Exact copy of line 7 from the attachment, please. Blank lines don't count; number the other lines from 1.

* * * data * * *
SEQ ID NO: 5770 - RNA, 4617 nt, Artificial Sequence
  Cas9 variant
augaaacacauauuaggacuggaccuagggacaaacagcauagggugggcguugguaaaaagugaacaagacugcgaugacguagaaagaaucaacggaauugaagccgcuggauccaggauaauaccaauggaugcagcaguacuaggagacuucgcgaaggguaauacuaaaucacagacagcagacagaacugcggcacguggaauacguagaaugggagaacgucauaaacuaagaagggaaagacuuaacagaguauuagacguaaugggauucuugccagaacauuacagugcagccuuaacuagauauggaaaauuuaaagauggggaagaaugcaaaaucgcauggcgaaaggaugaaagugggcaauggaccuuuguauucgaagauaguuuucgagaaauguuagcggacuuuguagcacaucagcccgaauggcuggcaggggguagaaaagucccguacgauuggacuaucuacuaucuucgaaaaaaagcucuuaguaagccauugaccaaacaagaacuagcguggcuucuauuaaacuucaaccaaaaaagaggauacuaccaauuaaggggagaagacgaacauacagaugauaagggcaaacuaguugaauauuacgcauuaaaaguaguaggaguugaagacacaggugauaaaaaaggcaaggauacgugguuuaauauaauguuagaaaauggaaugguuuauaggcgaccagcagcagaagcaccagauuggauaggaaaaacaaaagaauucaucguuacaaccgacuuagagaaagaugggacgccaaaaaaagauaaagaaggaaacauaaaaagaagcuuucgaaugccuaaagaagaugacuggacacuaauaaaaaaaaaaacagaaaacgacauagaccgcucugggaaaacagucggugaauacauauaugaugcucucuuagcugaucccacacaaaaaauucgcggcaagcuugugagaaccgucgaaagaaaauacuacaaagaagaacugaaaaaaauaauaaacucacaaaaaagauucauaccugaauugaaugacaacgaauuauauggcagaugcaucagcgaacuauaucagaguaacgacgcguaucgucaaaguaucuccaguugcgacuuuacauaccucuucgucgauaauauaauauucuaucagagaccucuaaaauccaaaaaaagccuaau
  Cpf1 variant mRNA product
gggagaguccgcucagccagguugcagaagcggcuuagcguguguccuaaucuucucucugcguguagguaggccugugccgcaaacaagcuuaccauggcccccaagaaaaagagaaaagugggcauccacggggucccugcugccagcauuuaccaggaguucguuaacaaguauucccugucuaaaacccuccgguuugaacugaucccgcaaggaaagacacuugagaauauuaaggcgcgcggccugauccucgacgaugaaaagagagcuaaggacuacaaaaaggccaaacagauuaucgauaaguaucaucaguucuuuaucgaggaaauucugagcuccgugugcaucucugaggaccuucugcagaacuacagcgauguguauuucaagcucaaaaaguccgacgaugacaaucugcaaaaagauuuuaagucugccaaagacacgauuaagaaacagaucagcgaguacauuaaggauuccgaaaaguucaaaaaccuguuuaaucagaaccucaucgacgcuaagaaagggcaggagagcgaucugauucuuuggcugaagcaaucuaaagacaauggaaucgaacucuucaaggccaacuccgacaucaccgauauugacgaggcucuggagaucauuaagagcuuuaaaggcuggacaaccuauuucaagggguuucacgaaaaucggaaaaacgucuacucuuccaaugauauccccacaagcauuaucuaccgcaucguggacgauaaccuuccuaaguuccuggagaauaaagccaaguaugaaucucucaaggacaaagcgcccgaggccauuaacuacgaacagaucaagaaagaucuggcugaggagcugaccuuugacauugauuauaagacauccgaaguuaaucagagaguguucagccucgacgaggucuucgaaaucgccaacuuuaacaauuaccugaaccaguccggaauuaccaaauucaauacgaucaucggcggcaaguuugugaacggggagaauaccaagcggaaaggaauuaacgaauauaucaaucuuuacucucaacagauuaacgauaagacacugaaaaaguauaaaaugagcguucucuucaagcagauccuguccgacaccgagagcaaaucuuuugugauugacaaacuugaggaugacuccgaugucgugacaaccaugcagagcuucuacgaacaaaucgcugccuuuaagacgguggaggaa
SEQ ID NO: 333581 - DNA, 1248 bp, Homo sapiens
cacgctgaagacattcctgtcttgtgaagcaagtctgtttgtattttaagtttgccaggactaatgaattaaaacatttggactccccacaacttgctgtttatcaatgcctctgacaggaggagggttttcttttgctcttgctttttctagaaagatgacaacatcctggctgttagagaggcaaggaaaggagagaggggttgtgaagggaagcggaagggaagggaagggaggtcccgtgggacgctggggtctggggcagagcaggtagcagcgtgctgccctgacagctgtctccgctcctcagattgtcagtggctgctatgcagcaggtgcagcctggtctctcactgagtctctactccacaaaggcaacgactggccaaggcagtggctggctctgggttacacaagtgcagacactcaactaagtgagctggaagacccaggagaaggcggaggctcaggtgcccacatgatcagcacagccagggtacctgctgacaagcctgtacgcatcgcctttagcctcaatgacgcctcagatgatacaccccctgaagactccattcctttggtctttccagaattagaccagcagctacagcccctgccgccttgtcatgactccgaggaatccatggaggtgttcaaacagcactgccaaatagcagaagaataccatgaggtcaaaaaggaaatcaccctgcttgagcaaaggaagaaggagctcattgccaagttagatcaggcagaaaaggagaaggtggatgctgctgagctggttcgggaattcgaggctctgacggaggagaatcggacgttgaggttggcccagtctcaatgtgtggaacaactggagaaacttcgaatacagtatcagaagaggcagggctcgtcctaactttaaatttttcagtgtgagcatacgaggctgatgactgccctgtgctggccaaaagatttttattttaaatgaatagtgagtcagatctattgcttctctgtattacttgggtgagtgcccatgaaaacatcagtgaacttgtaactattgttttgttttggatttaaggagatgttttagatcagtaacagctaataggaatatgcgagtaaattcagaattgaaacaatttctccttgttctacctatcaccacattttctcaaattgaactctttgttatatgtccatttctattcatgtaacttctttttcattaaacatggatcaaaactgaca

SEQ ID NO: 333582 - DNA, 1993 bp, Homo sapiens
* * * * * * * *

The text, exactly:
cacgctgaagacattcctgtcttgtgaagcaagtctgtttgtattttaagtttgccaggactaatgaattaaaacatttggactccccacaacttgctgtttatcaatgcctctgacaggaggagggttttcttttgctcttgctttttctagaaagatgacaacatcctggctgttagagaggcaaggaaaggagagaggggttgtgaagggaagcggaagggaagggaagggaggtcccgtgggacgctggggtctggggcagagcaggtagcagcgtgctgccctgacagctgtctccgctcctcagattgtcagtggctgctatgcagcaggtgcagcctggtctctcactgagtctctactccacaaaggcaacgactggccaaggcagtggctggctctgggttacacaagtgcagacactcaactaagtgagctggaagacccaggagaaggcggaggctcaggtgcccacatgatcagcacagccagggtacctgctgacaagcctgtacgcatcgcctttagcctcaatgacgcctcagatgatacaccccctgaagactccattcctttggtctttccagaattagaccagcagctacagcccctgccgccttgtcatgactccgaggaatccatggaggtgttcaaacagcactgccaaatagcagaagaataccatgaggtcaaaaaggaaatcaccctgcttgagcaaaggaagaaggagctcattgccaagttagatcaggcagaaaaggagaaggtggatgctgctgagctggttcgggaattcgaggctctgacggaggagaatcggacgttgaggttggcccagtctcaatgtgtggaacaactggagaaacttcgaatacagtatcagaagaggcagggctcgtcctaactttaaatttttcagtgtgagcatacgaggctgatgactgccctgtgctggccaaaagatttttattttaaatgaatagtgagtcagatctattgcttctctgtattacttgggtgagtgcccatgaaaacatcagtgaacttgtaactattgttttgttttggatttaaggagatgttttagatcagtaacagctaataggaatatgcgagtaaattcagaattgaaacaatttctccttgttctacctatcaccacattttctcaaattgaactctttgttatatgtccatttctattcatgtaacttctttttcattaaacatggatcaaaactgaca